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IN BRIEF

Nonfiction

June 11, 1995|SUSAN SALTER REYNOLDS

TALES FROM A TRAVELING COUCH: A Psychotherapist Revisits His Most Memorable Patients by Robert U. Akeret. (Norton: $22; 199 pp.) What a nightmare! Your therapist from 30 years ago calls you from a nearby gas station to tell you he's in the neighborhood and wants to drop by to see how your life has turned out! Do you: a) hang up, b) laugh derisively and call 911, c) invite him over to your prison cell?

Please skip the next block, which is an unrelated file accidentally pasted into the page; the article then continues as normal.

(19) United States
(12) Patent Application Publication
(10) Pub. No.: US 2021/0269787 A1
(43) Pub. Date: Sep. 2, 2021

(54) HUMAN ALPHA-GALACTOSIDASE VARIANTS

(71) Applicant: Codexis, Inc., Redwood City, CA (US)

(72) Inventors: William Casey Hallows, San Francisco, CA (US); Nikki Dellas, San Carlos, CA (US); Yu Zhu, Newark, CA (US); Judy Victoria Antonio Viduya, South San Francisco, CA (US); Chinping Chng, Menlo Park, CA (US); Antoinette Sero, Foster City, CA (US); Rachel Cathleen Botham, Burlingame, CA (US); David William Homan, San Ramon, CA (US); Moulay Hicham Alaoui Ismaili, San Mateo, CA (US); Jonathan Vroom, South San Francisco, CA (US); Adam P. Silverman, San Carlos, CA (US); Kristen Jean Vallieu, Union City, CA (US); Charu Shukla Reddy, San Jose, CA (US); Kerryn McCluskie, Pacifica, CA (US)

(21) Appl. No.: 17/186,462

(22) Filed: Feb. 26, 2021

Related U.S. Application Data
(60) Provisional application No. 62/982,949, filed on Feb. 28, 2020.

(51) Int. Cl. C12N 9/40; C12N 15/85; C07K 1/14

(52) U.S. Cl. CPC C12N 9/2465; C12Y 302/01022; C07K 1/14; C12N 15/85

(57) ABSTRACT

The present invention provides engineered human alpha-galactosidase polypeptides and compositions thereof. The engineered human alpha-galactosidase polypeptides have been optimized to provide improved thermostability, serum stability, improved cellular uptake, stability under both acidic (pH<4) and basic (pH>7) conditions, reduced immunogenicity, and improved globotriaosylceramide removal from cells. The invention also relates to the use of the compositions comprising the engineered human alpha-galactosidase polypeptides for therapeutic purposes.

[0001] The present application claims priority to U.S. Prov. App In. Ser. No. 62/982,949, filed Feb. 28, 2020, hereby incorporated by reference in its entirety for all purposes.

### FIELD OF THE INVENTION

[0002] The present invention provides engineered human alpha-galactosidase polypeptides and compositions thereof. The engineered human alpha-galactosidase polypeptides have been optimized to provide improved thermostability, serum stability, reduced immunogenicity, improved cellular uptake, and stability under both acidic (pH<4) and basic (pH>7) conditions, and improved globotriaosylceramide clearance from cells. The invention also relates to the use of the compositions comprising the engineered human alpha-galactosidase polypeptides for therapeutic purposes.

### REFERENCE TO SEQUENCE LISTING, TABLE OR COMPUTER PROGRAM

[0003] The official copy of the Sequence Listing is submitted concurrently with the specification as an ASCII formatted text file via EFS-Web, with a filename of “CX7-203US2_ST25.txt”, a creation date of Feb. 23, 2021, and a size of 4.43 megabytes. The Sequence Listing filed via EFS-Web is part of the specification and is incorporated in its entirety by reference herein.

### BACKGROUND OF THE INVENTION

When Robert Akeret turned 66, he began tracking down some of his former patients. "Although the general rule of psychotherapy is that the therapist should never intrude uninvited into a patient's life, I decided that enough time had passed to render this rule moot." He visits Naomi Goldberg of the Bronx, sexpot and student at City College in New York in 1957, a woman convinced that she was in fact Isabella Cortez de Seville, a contessa and flamenco dancer. He visits Charles, a circus trainer and patient in 1965 who was obsessively in love with a polar bear named Zero. ("I've fallen in love with someone at work," Charles tells him miserably in their first session.) He visits Seth and Mary and Sacha. In each of these cases, Akeret's technique has been to crawl inside the delusions of his patients with them, and to find solutions from these odd vantage points that would make their lives more livable. In the case of Charles, this involved couples therapy with the polar bear. Yes.

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